Pan-African Studies | History of PAS at Cal State LA

The Department of Pan-African Studies (PAS) is part of a field/discipline of “Black Studies,” which includes academic programs that examine the history, culture, politics, economics, and worldviews of people of African descent.  Departments and programs include: Black Studies, Africana Studies, African American Studies, African Diaspora Studies, Africology, as well as Pan-African Studies. The Pan-African approach to the discipline recognizes that although the Black American experience remains central to an understanding of Black people in the United States, teaching and research on the African continent and the African Diaspora must include the study of Black people from every continent, language group, and faith tradition, and especially continental Africans and Africans in the Americas. Simultaneously, PAS is central to the broader academic movement of Ethnic Studies, which includes Asian American Studies, Chicana/o Studies, Latina/o Studies, and Native American Studies.

 

Pan-African Studies at Cal State LA is the second oldest Black Studies department in the nation, founded out of the students struggles of the late 1960s. PAS was initially established as a program in 1967 and won departmental status in 1969, concurrently to the founding of the oldest Department of Chicano Studies in the nation, also at Cal State LA. As such, the history of the Department in many ways overlaps with the history of the discipline (Zulu 2006, page 103).

 

Black Studies, as a field, finds its roots in a community, rather than an academic effort.  In 1966, the Black liberation movement firmly transitioned from the Civil Rights era to the Black Power era, with Stokely Carmichael delivering his classic “Black Power” speech on October 29, 1966 at UC Berkeley.  While not fully articulated in Carmichael’s address, Black educational self-determination laid a foundation for Black Studies.  Student and community organizing, especially in the Bay Area, included community, political, economic, social, and educational goals informed by a Black Power consciousness.  The first Black Studies department and first and only College of Ethnic Studies was founded at San Francisco State in 1968 only after a 5-month long student and community strike, the longest student strike in university history, initiated by the Black Student Union and organized in partnership with the Third World Student Alliance and the Black Panther Party (T’Shaka 2012, pages 19-24). Similarly, the founding of Pan-African Studies at Cal State LA was a response to student and community efforts with the Black Student Union and Black Power groups at the center. This history is distinct from that of academic units that are initiated by the university, rather than demanded from it.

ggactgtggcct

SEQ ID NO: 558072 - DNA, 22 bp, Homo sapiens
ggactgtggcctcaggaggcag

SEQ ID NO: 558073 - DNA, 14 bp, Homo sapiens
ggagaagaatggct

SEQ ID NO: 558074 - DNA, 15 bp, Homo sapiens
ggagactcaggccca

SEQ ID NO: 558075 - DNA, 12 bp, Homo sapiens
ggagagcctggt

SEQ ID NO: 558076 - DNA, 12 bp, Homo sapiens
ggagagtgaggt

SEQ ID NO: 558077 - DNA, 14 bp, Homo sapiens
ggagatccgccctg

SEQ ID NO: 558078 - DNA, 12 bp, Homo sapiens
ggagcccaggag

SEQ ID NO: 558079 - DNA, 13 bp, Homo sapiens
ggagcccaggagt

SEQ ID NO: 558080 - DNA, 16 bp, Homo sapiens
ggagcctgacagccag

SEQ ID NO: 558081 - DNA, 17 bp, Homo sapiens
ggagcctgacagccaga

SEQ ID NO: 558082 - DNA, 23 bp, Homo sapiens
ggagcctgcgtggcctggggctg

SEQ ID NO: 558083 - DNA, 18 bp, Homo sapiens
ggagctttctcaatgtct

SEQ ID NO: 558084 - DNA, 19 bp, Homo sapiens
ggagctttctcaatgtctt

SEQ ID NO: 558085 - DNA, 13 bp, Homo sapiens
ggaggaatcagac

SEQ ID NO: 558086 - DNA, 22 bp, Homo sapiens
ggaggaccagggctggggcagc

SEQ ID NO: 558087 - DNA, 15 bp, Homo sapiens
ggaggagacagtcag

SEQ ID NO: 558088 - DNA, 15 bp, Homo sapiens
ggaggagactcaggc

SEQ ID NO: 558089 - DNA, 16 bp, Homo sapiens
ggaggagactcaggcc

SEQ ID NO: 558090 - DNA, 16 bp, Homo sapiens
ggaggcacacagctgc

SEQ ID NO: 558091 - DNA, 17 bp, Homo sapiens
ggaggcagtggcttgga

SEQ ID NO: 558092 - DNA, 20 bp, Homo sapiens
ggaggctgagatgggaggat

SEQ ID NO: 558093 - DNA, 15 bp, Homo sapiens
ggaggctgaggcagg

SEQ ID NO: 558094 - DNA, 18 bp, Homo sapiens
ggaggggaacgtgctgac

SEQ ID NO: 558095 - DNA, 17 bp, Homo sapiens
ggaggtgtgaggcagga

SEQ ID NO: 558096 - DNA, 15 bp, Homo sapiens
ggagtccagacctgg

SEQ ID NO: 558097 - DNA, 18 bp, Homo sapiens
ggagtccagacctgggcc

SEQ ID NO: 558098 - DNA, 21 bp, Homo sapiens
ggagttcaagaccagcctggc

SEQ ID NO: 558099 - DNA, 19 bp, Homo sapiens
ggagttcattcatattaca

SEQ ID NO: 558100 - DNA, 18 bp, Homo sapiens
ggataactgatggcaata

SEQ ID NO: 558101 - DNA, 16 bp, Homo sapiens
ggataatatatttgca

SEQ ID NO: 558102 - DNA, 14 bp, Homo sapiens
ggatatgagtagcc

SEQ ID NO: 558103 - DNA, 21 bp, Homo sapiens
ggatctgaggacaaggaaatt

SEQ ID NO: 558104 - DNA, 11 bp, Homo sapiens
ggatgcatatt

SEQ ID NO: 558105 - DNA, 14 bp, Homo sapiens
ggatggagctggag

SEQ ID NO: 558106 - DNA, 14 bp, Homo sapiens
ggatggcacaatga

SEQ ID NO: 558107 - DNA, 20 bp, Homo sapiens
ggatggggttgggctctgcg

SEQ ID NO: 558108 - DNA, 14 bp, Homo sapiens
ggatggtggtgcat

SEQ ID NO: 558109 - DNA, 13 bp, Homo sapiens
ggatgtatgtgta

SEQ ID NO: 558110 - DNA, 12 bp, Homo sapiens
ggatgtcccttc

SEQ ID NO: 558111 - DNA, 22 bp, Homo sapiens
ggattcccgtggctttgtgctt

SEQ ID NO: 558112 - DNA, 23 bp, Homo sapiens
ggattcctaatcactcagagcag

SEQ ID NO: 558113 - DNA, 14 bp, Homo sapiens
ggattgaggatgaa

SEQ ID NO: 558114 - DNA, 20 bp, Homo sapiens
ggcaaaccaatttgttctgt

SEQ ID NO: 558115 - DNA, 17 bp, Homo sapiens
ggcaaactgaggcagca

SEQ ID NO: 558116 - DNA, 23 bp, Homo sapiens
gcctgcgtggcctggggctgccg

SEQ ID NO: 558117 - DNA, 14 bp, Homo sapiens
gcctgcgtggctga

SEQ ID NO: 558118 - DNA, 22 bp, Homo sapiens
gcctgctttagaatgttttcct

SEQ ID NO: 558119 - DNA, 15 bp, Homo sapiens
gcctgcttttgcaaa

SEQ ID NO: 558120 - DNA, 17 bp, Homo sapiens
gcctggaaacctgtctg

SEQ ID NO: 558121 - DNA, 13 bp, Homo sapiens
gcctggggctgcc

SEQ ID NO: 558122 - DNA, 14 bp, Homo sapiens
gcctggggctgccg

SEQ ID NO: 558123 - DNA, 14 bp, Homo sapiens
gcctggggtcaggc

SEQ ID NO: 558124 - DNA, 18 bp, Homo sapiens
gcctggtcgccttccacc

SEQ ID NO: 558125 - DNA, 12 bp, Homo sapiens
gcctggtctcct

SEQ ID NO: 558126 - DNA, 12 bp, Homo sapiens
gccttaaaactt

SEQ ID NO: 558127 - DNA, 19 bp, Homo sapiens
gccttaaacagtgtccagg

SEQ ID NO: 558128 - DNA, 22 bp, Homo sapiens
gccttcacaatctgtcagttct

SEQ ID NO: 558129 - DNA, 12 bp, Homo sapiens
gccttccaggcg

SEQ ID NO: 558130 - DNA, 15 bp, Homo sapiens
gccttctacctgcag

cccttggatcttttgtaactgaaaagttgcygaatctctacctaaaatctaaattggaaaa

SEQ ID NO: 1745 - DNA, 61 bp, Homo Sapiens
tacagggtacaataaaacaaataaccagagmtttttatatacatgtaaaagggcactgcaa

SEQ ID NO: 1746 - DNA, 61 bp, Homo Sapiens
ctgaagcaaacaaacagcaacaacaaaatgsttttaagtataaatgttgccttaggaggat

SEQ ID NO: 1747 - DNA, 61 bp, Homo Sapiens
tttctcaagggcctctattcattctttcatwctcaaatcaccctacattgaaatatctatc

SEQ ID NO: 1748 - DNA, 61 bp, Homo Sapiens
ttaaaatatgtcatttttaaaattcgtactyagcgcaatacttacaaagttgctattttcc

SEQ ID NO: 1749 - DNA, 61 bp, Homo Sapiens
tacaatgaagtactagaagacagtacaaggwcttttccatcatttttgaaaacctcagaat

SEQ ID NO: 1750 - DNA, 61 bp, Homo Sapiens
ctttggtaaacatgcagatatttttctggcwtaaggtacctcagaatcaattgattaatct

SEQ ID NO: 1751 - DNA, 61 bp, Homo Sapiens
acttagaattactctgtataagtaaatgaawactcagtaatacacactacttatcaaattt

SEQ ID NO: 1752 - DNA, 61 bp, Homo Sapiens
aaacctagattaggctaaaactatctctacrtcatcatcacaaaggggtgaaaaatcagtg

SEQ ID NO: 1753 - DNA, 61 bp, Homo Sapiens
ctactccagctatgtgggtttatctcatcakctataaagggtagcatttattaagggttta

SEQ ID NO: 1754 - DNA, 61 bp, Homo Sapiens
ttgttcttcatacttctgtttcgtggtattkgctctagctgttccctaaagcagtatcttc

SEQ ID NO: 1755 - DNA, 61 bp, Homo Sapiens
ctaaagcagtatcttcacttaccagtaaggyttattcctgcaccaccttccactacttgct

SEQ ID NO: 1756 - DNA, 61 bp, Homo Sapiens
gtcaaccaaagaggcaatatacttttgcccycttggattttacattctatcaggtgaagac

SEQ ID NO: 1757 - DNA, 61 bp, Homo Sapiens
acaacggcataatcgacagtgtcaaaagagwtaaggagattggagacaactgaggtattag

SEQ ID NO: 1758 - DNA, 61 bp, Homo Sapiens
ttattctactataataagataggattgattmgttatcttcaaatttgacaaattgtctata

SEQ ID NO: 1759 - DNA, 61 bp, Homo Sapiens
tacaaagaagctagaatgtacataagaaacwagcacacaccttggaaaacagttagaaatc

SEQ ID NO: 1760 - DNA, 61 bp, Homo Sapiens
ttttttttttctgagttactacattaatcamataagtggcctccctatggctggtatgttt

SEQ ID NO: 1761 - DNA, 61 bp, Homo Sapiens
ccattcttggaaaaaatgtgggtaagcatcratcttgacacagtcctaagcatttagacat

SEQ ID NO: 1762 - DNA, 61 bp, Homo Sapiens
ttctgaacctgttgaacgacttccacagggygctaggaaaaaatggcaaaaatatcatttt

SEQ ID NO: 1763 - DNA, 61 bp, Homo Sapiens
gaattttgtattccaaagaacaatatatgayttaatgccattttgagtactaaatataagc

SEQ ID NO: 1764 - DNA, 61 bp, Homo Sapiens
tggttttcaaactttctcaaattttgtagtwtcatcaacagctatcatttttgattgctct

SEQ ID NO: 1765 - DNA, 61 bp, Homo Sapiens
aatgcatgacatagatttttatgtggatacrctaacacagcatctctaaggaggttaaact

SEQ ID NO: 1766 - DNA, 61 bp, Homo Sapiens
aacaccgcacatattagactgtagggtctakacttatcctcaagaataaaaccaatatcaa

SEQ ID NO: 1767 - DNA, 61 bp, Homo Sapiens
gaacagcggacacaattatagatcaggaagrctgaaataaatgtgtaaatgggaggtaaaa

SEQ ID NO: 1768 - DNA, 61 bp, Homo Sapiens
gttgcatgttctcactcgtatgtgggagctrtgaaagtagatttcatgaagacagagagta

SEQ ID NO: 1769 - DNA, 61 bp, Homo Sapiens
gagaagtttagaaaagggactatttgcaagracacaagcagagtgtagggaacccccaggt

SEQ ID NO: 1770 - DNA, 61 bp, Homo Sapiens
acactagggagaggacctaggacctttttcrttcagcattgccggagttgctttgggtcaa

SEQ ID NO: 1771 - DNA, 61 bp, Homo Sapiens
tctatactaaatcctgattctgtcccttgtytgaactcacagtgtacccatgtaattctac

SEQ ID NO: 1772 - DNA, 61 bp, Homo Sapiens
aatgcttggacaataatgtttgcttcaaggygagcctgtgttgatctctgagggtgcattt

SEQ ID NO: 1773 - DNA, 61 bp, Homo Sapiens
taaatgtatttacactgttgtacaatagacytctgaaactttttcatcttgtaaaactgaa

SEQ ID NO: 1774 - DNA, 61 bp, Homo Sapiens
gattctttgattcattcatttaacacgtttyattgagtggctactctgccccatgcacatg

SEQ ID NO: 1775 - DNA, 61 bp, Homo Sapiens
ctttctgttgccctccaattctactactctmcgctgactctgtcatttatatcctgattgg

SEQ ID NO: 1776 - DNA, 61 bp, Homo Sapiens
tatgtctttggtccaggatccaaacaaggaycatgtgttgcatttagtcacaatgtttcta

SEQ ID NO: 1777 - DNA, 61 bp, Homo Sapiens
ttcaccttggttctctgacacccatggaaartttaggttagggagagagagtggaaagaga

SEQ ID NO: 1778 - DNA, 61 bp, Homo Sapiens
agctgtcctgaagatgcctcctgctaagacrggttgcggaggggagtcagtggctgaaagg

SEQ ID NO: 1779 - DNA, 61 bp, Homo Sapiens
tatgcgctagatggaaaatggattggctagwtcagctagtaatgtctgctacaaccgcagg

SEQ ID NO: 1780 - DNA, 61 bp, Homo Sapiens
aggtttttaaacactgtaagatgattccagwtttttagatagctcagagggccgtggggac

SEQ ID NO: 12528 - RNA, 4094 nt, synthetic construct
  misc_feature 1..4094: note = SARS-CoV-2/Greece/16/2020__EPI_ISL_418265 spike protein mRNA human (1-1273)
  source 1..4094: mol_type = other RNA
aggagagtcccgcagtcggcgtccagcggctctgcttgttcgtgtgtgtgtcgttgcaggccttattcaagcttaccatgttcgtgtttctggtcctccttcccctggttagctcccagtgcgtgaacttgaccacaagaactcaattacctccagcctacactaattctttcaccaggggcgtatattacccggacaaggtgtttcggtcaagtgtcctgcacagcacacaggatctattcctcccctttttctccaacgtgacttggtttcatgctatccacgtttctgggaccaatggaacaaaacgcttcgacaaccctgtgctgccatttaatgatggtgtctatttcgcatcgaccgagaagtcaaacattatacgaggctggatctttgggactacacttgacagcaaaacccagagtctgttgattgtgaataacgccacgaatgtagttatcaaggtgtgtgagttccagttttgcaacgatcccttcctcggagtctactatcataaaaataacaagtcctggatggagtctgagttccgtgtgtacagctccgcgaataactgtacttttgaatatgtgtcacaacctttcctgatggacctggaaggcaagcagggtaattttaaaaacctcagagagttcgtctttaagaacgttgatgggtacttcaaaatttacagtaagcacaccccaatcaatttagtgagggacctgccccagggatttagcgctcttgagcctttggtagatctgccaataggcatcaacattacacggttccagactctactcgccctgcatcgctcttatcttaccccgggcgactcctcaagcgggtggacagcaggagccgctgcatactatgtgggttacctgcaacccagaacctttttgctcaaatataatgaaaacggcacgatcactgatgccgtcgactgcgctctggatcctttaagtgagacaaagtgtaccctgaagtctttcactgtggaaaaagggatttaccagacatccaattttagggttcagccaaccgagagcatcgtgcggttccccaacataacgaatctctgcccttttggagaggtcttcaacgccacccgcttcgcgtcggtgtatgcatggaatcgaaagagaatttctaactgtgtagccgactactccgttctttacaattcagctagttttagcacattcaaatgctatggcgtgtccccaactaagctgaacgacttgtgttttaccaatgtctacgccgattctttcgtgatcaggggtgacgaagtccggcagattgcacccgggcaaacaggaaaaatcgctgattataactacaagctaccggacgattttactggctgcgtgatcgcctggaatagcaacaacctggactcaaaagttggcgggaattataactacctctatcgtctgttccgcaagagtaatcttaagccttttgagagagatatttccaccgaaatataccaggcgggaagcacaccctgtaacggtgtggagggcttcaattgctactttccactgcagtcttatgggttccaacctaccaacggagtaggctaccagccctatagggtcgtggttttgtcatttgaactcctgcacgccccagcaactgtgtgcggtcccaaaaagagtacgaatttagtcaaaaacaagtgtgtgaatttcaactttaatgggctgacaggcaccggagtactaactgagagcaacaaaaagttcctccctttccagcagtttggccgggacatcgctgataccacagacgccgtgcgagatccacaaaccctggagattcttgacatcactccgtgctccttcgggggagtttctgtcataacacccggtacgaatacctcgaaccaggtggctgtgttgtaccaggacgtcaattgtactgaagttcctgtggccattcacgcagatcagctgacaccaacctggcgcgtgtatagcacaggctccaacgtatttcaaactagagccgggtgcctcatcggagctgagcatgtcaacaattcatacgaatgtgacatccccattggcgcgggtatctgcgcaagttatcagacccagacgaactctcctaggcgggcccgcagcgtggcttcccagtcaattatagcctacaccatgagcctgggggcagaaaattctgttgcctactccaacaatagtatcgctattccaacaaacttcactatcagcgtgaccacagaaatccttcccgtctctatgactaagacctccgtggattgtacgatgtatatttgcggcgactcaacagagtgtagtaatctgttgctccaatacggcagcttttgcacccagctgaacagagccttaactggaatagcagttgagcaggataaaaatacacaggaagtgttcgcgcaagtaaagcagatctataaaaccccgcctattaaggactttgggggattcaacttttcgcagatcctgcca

That Pan-African Studies was founded out of student and community struggle is key in its positioning as an intellectual effort rather than an academic one. This rejection of an academic positioning is a resistance to “institutional structures that are designed to contain ideas, repress imagination, and indoctrinate the mind,” (hooks 2003, page 186). For Black Studies as a field, this has meant that the pedagogical and epistemological approaches must find their home in and be contributory to the larger community, support justice efforts, and understand students as whole and complete people, whose temporary student status is transitory .

 

Since departmentalizing in 1969, PAS has experienced both growth and setbacks in its development. As a result of the political, cultural, and social gains of Civil Rights and Black Power movement, the Department grew rapidly in the late 1960s and early 1970s. By 1974, there were over 9 full time faculty members teaching in PAS. A slow decline in faculty and student size occurred from the 1980s through the early 2000s.  The size of the major began to increase in 2002, but was not supported by growth in tenure track faculty until 2009 when the Black Faculty Caucus pushed for the hiring of a third tenure-track faculty member. Support in terms of faculty hiring diminished following the 2009 hire, with the low occurring in 2013 when only one tenure-line faculty member was on duty.  Student, faculty and community efforts, along with a shift in institutional positioning has resulted in the steady increase of faculty size and course offerings since 2013. Over a four year period, the Department has grown to 4.5 tenure-line faculty, exactly half the number of its peak in 1974.